No doubt, India badly missed Rahim. The new coach Harry Wright was a former club level goalkeeper in Britain who landed a coach’s job at the National Institute of Sports (NIS) in Patiala. He had a coaching license, which Rahim didn’t have. The education ministry in Delhi felt Rahim should do a course under Wright. When Rahim refused, the ministry suggested he at least should attend Wright’s theory classes.
Everyone in Indian football thought the offer was an insult to Rahim, who by then had two Asian Games gold medals under his belt. The Hyderabad-based coach had already coached India in three consecutive Olympics – India finished fourth under him in Melbourne 1956. To force him to undergo a crash course wasn’t a wise idea.
Rahim himself solved the problem – he passed away in June 1963 leaving behind a huge number of the country’s top class footballers, who used to treat him like a demigod. With the Tokyo Olympics approaching, the post of chief coach fell vacant. The politics began at the right earnest in the corridors of All India Football Federation (AIFF).
GM Pentiah of Andhra Pradesh was made the coach for the Olympic qualifiers against Ceylon. Why he did not last thereafter despite two smooth wins, remains a mystery. There was some pressure from the ministry, perhaps. Wright stepped in and India courted disaster.
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Wright had little control over the team and he played into the hands of star footballers, alleged a member of the team once, who did not wish to be named. There was lack of discipline, which became a huge issue after India landed in Tehran for the crucial match against Iran.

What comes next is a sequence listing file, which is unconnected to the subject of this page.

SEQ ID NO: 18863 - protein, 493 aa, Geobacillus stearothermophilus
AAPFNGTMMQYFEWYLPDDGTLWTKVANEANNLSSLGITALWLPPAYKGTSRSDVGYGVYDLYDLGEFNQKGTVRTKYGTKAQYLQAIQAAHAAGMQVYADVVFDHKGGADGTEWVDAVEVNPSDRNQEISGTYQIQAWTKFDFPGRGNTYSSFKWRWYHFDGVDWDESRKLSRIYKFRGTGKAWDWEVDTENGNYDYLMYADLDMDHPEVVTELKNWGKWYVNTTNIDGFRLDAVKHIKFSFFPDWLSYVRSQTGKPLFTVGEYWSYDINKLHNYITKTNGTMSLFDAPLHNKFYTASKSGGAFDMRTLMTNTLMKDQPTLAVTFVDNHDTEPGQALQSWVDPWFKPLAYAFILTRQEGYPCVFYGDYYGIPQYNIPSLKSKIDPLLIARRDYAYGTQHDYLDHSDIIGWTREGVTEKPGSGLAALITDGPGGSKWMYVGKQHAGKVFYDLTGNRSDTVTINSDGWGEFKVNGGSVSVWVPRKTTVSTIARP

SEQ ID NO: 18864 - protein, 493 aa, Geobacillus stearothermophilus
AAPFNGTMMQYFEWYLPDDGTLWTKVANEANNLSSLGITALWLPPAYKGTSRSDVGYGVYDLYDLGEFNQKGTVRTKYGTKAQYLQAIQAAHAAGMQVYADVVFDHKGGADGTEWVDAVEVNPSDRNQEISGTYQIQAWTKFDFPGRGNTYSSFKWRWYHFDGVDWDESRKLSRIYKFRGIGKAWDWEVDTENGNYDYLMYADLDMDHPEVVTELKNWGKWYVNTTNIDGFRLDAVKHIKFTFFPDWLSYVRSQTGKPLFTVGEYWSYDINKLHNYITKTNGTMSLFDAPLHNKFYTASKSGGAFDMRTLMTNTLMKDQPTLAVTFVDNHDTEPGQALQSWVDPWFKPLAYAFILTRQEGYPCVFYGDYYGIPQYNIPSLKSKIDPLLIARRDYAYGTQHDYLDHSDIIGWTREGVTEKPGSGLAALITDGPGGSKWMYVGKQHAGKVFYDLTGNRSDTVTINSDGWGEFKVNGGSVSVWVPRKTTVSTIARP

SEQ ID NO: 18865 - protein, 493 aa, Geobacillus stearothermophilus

“Wright could hardly communicate with his players. He rarely held theory classes and that too on the morning of the match. After being coached by Rahim for so many years, we were very much frustrated by the way Wright handled the team,” said Samajpati.
I Arumainayagam, who was also a member of the team, once told this correspondent that he felt Wright had lost it long before. “In Tehran, the match was played on an uneven surface. Wright had forced the team to train there the day before the match for three hours under extreme humid conditions. We were left with little energy when the actual match was played the next day,” he recalled.
But then, it would be unfair to blame Wright alone for the non-qualification. To put it straight, the great team that Rahim fastidiously raised from 1956 onwards, was slowly disintegrating for natural reasons. A bunch of exceptionally talented players were then approaching the end of their brilliant careers.
What made Rahim’s India a crack side in the continent was the presence of three forwards – PK Banerjee, Tulsidas Balaram and Chuni Goswami. The trio would go down in history as the country’s most dazzling strikers.